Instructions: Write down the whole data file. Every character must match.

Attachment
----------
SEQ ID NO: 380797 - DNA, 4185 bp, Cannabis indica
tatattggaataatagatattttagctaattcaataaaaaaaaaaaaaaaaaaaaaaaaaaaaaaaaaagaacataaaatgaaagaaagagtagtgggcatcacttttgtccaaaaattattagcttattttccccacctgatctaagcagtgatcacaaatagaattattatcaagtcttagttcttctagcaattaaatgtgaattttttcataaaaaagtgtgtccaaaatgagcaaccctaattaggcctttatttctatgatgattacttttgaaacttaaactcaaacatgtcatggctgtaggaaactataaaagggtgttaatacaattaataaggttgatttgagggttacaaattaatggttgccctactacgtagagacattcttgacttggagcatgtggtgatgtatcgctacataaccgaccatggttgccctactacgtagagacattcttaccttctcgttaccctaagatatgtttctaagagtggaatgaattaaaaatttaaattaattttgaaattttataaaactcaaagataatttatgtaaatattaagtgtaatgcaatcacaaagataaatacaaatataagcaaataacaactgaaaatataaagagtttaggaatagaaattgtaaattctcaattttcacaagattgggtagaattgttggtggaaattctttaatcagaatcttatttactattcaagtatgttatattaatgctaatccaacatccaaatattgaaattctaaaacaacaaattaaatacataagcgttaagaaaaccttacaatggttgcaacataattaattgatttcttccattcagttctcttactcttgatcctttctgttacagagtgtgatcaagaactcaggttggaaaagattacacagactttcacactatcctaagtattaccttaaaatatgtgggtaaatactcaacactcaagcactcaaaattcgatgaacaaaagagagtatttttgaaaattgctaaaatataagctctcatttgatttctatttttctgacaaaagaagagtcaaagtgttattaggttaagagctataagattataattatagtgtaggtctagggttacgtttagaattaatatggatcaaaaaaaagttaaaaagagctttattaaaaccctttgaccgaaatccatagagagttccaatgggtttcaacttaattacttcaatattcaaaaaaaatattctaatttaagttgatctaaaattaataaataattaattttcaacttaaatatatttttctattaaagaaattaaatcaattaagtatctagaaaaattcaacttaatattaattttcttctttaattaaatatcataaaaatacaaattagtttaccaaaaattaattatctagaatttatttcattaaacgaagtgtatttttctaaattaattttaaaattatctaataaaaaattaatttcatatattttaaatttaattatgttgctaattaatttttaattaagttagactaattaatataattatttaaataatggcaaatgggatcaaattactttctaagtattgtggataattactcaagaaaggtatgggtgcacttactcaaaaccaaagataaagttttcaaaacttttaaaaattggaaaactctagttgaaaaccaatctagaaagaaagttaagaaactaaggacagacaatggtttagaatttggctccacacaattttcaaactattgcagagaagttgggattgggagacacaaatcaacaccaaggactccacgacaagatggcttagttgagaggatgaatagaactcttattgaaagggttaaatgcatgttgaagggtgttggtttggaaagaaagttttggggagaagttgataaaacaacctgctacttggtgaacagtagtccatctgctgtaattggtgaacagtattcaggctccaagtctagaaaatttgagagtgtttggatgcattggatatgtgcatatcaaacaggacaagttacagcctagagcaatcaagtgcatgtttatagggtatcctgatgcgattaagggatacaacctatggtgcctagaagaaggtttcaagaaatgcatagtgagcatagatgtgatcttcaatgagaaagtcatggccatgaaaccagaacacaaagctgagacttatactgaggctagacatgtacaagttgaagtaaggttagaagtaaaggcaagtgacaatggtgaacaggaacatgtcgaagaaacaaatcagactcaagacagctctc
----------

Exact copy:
SEQ ID NO: 380797 - DNA, 4185 bp, Cannabis indica
tatattggaataatagatattttagctaattcaataaaaaaaaaaaaaaaaaaaaaaaaaaaaaaaaaagaacataaaatgaaagaaagagtagtgggcatcacttttgtccaaaaattattagcttattttccccacctgatctaagcagtgatcacaaatagaattattatcaagtcttagttcttctagcaattaaatgtgaattttttcataaaaaagtgtgtccaaaatgagcaaccctaattaggcctttatttctatgatgattacttttgaaacttaaactcaaacatgtcatggctgtaggaaactataaaagggtgttaatacaattaataaggttgatttgagggttacaaattaatggttgccctactacgtagagacattcttgacttggagcatgtggtgatgtatcgctacataaccgaccatggttgccctactacgtagagacattcttaccttctcgttaccctaagatatgtttctaagagtggaatgaattaaaaatttaaattaattttgaaattttataaaactcaaagataatttatgtaaatattaagtgtaatgcaatcacaaagataaatacaaatataagcaaataacaactgaaaatataaagagtttaggaatagaaattgtaaattctcaattttcacaagattgggtagaattgttggtggaaattctttaatcagaatcttatttactattcaagtatgttatattaatgctaatccaacatccaaatattgaaattctaaaacaacaaattaaatacataagcgttaagaaaaccttacaatggttgcaacataattaattgatttcttccattcagttctcttactcttgatcctttctgttacagagtgtgatcaagaactcaggttggaaaagattacacagactttcacactatcctaagtattaccttaaaatatgtgggtaaatactcaacactcaagcactcaaaattcgatgaacaaaagagagtatttttgaaaattgctaaaatataagctctcatttgatttctatttttctgacaaaagaagagtcaaagtgttattaggttaagagctataagattataattatagtgtaggtctagggttacgtttagaattaatatggatcaaaaaaaagttaaaaagagctttattaaaaccctttgaccgaaatccatagagagttccaatgggtttcaacttaattacttcaatattcaaaaaaaatattctaatttaagttgatctaaaattaataaataattaattttcaacttaaatatatttttctattaaagaaattaaatcaattaagtatctagaaaaattcaacttaatattaattttcttctttaattaaatatcataaaaatacaaattagtttaccaaaaattaattatctagaatttatttcattaaacgaagtgtatttttctaaattaattttaaaattatctaataaaaaattaatttcatatattttaaatttaattatgttgctaattaatttttaattaagttagactaattaatataattatttaaataatggcaaatgggatcaaattactttctaagtattgtggataattactcaagaaaggtatgggtgcacttactcaaaaccaaagataaagttttcaaaacttttaaaaattggaaaactctagttgaaaaccaatctagaaagaaagttaagaaactaaggacagacaatggtttagaatttggctccacacaattttcaaactattgcagagaagttgggattgggagacacaaatcaacaccaaggactccacgacaagatggcttagttgagaggatgaatagaactcttattgaaagggttaaatgcatgttgaagggtgttggtttggaaagaaagttttggggagaagttgataaaacaacctgctacttggtgaacagtagtccatctgctgtaattggtgaacagtattcaggctccaagtctagaaaatttgagagtgtttggatgcattggatatgtgcatatcaaacaggacaagttacagcctagagcaatcaagtgcatgtttatagggtatcctgatgcgattaagggatacaacctatggtgcctagaagaaggtttcaagaaatgcatagtgagcatagatgtgatcttcaatgagaaagtcatggccatgaaaccagaacacaaagctgagacttatactgaggctagacatgtacaagttgaagtaaggttagaagtaaaggcaagtgacaatggtgaacaggaacatgtcgaagaaacaaatcagactcaagacagctctc